by: Gretchen B-L
Death on the Challenger
This was the headline on almost all of the nation’s newspapers on January 28th, 1986. The Challenger was launched at about 11:30 eastern time not even five miles from Merritt Island in Florida along the coast of the North Atlantic. Exactly seventy four seconds after the Challenger left the launch pad in a cloud of smoke, it exploded, killing it’s seven crew members who were aboard, including the “first Teacher in Space” Mrs. Christa McAuliffe. Other crew members included S. Onizuka, Michael J. Smith, Francis R. (Dick) Scobee, Gregory B. Jarvis, and Judith A. Resnik. The Astronauts boarded the Shuttle with smiles, laughs, and good wishes, but little did they know that they would not be setting foot back on the Earth.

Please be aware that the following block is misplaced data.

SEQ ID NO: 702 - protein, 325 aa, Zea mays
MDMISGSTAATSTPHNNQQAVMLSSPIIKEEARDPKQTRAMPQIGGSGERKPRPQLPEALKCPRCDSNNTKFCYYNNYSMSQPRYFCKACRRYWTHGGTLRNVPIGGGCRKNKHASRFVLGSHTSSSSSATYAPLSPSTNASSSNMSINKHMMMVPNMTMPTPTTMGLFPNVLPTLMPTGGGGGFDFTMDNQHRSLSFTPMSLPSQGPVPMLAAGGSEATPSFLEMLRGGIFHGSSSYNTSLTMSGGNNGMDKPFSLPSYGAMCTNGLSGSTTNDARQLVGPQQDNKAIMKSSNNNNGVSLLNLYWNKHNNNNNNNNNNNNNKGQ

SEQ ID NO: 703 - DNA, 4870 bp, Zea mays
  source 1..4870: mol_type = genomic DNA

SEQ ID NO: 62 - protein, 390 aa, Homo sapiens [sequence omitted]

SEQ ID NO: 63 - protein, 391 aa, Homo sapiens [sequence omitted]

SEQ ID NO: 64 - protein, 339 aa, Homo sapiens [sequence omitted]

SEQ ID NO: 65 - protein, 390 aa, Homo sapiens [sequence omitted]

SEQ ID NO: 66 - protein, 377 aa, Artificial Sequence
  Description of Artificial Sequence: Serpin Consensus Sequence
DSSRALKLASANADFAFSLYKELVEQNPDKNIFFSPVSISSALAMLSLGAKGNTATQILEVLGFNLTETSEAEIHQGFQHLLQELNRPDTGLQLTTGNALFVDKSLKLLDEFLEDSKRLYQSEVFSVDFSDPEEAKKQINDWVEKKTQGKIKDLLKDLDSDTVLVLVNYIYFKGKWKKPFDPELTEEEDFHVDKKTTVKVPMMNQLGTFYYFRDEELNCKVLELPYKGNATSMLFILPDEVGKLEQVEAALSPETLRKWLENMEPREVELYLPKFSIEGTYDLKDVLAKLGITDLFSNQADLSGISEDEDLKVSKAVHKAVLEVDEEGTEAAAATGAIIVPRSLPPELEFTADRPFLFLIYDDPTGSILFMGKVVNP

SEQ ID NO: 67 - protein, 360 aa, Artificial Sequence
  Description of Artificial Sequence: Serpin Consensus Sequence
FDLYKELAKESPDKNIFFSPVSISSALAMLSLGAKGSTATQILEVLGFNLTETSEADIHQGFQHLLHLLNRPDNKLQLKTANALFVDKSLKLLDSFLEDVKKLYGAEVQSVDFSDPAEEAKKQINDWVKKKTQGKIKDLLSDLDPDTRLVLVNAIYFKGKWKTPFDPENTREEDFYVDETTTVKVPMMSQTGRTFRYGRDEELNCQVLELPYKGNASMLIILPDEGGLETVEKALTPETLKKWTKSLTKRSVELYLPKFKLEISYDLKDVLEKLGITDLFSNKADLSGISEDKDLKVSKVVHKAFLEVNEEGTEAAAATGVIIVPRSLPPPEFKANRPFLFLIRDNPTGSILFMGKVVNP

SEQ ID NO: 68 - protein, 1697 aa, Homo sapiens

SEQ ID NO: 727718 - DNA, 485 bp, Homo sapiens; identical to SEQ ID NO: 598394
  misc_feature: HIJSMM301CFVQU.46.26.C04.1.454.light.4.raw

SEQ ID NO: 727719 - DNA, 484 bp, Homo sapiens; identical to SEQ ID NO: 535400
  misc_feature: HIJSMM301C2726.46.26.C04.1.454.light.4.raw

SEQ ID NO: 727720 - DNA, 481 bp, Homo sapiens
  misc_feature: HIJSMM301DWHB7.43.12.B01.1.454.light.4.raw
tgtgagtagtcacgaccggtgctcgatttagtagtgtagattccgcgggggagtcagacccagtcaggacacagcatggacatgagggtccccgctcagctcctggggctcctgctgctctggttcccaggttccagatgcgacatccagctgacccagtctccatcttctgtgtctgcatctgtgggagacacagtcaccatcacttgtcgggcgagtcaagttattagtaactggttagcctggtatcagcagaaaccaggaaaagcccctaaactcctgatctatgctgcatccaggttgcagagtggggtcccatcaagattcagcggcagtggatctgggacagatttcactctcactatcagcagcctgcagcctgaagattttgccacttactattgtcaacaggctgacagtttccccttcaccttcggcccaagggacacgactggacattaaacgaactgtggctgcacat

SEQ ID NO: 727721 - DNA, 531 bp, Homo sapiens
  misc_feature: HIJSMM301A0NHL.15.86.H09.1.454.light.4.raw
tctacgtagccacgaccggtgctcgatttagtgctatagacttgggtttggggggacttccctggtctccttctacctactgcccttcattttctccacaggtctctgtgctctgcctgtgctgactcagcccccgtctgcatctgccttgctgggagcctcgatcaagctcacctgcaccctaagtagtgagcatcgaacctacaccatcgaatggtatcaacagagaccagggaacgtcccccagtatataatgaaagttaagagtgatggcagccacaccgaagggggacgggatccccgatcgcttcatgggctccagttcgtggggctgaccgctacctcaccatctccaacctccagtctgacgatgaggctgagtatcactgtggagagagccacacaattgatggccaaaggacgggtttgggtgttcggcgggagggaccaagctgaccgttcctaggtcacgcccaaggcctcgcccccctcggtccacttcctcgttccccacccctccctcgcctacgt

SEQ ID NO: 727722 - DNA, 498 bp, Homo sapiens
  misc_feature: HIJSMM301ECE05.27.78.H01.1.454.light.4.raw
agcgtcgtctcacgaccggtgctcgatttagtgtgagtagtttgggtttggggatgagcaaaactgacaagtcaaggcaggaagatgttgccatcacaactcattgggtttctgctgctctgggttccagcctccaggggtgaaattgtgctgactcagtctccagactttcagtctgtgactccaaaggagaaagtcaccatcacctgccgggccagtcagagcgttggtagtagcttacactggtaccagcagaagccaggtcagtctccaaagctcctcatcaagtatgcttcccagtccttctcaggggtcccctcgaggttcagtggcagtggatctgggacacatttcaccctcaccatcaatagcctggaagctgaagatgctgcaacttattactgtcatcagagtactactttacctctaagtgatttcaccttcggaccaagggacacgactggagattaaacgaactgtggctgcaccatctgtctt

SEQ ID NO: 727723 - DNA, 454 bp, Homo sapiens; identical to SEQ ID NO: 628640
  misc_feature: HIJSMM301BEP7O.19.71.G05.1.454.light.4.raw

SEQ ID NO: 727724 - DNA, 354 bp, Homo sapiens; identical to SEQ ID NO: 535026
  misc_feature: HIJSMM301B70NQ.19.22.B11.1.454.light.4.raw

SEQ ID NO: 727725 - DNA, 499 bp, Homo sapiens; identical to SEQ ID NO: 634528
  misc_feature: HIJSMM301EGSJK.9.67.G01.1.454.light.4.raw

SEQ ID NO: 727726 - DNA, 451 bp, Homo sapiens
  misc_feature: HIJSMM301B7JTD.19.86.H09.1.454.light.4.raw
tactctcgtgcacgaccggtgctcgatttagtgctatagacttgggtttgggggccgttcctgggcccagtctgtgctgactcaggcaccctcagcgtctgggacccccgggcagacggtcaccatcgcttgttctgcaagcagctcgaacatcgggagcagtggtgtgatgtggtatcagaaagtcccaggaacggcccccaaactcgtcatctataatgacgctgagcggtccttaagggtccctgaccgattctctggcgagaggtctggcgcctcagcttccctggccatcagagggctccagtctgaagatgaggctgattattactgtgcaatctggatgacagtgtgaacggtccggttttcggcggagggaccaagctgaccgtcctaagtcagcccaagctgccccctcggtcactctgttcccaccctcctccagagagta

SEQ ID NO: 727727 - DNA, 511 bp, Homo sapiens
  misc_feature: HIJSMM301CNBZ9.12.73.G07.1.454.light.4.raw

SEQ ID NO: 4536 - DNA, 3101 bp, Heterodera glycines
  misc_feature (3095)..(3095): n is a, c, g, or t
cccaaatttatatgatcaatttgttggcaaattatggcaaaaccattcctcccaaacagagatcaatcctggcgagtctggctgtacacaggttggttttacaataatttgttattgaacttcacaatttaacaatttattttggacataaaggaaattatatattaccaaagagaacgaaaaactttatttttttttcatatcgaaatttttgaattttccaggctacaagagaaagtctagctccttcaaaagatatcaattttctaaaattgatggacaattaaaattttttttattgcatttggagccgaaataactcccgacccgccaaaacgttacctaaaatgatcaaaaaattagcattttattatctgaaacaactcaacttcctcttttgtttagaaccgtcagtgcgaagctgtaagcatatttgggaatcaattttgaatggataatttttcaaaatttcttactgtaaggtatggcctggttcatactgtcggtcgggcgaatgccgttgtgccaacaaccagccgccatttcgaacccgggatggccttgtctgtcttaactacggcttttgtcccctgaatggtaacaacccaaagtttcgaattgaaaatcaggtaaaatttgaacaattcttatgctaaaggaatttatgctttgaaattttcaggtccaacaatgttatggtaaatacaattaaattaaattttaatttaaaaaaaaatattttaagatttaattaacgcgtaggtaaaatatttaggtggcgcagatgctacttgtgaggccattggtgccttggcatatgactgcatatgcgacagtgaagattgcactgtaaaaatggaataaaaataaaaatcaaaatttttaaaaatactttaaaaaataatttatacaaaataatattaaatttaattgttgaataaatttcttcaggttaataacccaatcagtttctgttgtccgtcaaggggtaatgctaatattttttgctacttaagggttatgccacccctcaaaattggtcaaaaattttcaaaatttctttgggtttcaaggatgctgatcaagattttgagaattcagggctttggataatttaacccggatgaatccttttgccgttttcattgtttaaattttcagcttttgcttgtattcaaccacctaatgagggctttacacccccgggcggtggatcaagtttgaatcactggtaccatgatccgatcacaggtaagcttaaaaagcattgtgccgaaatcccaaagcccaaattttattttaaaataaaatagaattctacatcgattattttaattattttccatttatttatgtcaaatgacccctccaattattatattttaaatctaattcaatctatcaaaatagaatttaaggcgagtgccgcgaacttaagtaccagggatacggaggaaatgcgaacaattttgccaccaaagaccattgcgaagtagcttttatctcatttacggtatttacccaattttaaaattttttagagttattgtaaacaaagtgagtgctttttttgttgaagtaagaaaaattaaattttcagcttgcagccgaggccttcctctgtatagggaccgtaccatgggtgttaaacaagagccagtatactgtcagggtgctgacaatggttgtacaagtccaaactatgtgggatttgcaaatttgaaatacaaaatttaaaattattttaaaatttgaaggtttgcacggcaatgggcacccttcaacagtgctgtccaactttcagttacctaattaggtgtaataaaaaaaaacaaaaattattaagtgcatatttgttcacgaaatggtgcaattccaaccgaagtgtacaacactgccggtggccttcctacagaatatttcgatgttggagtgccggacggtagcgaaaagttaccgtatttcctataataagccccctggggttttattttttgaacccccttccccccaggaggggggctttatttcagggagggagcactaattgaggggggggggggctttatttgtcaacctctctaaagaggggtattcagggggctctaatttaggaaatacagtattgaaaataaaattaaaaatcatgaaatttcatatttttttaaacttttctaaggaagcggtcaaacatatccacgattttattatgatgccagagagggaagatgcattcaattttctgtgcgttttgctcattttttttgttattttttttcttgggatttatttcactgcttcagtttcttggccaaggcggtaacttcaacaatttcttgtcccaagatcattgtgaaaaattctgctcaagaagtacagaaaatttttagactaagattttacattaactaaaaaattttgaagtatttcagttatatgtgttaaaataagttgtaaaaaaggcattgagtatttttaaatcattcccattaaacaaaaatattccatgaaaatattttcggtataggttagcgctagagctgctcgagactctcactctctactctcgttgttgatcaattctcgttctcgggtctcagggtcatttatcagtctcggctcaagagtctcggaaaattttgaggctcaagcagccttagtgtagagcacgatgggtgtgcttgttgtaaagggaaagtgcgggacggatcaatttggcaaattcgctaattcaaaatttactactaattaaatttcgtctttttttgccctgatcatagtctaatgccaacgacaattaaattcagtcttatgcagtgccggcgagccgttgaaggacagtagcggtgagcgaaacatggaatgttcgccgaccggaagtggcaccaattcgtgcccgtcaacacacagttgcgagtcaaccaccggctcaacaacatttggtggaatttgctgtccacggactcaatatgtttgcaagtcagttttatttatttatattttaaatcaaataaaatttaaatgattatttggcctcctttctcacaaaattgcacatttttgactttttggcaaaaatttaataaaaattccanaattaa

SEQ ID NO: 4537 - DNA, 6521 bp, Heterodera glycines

The Shuttle itself was the second launch of fifteen in that four-year period, an ambitious plan from NASA (National Aeronautics and Space Administration). Not to mention that just 19 years before the Challenger explosion, on January 27th, three Apollo astronauts were killed on the launch pad. This was the first heart-wrenching tragedy.
On the day that it launched at Concord High School, New Hampshire, the school where Christa taught law and social studies, the students and faculty, along with family, friends and coworkers, counted down with the television as their teacher was launched into space, cheering and blowing into noisemakers. Then it calmed into a deafening silence as the people gathered watched the Challenger explode before their very eyes.\